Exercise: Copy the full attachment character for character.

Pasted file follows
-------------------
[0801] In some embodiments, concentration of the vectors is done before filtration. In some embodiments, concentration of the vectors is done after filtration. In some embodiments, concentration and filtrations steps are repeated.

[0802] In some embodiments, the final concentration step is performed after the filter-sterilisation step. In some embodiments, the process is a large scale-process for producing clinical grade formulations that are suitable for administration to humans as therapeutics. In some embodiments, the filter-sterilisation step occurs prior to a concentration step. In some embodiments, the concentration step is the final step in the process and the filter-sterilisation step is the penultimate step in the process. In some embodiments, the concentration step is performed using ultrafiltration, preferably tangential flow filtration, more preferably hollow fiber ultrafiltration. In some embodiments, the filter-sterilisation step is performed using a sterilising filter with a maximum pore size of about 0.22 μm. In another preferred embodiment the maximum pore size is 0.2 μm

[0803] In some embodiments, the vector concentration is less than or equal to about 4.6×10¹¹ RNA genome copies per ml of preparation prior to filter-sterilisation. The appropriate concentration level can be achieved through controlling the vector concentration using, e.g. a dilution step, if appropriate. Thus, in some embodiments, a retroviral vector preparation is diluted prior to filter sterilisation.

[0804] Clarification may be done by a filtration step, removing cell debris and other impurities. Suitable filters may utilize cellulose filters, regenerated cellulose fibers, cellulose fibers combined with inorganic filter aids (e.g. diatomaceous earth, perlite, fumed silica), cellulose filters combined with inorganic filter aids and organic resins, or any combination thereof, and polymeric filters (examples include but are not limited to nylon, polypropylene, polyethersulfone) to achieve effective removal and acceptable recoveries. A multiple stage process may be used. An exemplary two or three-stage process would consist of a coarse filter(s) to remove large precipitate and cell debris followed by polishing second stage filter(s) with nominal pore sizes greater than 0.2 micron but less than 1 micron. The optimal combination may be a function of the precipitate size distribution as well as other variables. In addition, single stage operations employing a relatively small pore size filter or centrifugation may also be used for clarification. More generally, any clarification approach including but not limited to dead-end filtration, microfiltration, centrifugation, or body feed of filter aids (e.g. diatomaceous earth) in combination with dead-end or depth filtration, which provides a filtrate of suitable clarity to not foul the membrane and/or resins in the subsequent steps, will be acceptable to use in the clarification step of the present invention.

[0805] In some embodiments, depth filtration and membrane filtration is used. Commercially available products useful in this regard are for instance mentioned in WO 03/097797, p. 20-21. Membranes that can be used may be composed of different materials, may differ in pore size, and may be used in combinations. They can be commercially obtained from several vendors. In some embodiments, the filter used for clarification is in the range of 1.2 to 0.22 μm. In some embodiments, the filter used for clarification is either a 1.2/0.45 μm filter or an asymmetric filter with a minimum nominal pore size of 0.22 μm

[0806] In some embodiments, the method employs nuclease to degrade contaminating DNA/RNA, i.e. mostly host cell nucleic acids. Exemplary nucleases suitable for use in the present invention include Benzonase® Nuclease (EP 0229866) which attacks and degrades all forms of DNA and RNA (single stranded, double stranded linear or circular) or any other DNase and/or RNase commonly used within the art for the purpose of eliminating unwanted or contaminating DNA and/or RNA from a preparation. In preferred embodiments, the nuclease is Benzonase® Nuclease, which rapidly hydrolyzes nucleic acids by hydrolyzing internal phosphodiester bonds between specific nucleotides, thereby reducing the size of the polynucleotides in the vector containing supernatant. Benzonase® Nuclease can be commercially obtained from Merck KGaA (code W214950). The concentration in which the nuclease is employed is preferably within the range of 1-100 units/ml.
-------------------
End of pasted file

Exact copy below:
[0801] In some embodiments, concentration of the vectors is done before filtration. In some embodiments, concentration of the vectors is done after filtration. In some embodiments, concentration and filtrations steps are repeated.

[0802] In some embodiments, the final concentration step is performed after the filter-sterilisation step. In some embodiments, the process is a large scale-process for producing clinical grade formulations that are suitable for administration to humans as therapeutics. In some embodiments, the filter-sterilisation step occurs prior to a concentration step. In some embodiments, the concentration step is the final step in the process and the filter-sterilisation step is the penultimate step in the process. In some embodiments, the concentration step is performed using ultrafiltration, preferably tangential flow filtration, more preferably hollow fiber ultrafiltration. In some embodiments, the filter-sterilisation step is performed using a sterilising filter with a maximum pore size of about 0.22 μm. In another preferred embodiment the maximum pore size is 0.2 μm

[0803] In some embodiments, the vector concentration is less than or equal to about 4.6×10¹¹ RNA genome copies per ml of preparation prior to filter-sterilisation. The appropriate concentration level can be achieved through controlling the vector concentration using, e.g. a dilution step, if appropriate. Thus, in some embodiments, a retroviral vector preparation is diluted prior to filter sterilisation.

[0804] Clarification may be done by a filtration step, removing cell debris and other impurities. Suitable filters may utilize cellulose filters, regenerated cellulose fibers, cellulose fibers combined with inorganic filter aids (e.g. diatomaceous earth, perlite, fumed silica), cellulose filters combined with inorganic filter aids and organic resins, or any combination thereof, and polymeric filters (examples include but are not limited to nylon, polypropylene, polyethersulfone) to achieve effective removal and acceptable recoveries. A multiple stage process may be used. An exemplary two or three-stage process would consist of a coarse filter(s) to remove large precipitate and cell debris followed by polishing second stage filter(s) with nominal pore sizes greater than 0.2 micron but less than 1 micron. The optimal combination may be a function of the precipitate size distribution as well as other variables. In addition, single stage operations employing a relatively small pore size filter or centrifugation may also be used for clarification. More generally, any clarification approach including but not limited to dead-end filtration, microfiltration, centrifugation, or body feed of filter aids (e.g. diatomaceous earth) in combination with dead-end or depth filtration, which provides a filtrate of suitable clarity to not foul the membrane and/or resins in the subsequent steps, will be acceptable to use in the clarification step of the present invention.

[0805] In some embodiments, depth filtration and membrane filtration is used. Commercially available products useful in this regard are for instance mentioned in WO 03/097797, p. 20-21. Membranes that can be used may be composed of different materials, may differ in pore size, and may be used in combinations. They can be commercially obtained from several vendors. In some embodiments, the filter used for clarification is in the range of 1.2 to 0.22 μm. In some embodiments, the filter used for clarification is either a 1.2/0.45 μm filter or an asymmetric filter with a minimum nominal pore size of 0.22 μm

[0806] In some embodiments, the method employs nuclease to degrade contaminating DNA/RNA, i.e. mostly host cell nucleic acids. Exemplary nucleases suitable for use in the present invention include Benzonase® Nuclease (EP 0229866) which attacks and degrades all forms of DNA and RNA (single stranded, double stranded linear or circular) or any other DNase and/or RNase commonly used within the art for the purpose of eliminating unwanted or contaminating DNA and/or RNA from a preparation. In preferred embodiments, the nuclease is Benzonase® Nuclease, which rapidly hydrolyzes nucleic acids by hydrolyzing internal phosphodiester bonds between specific nucleotides, thereby reducing the size of the polynucleotides in the vector containing supernatant. Benzonase® Nuclease can be commercially obtained from Merck KGaA (code W214950). The concentration in which the nuclease is employed is preferably within the range of 1-100 units/ml.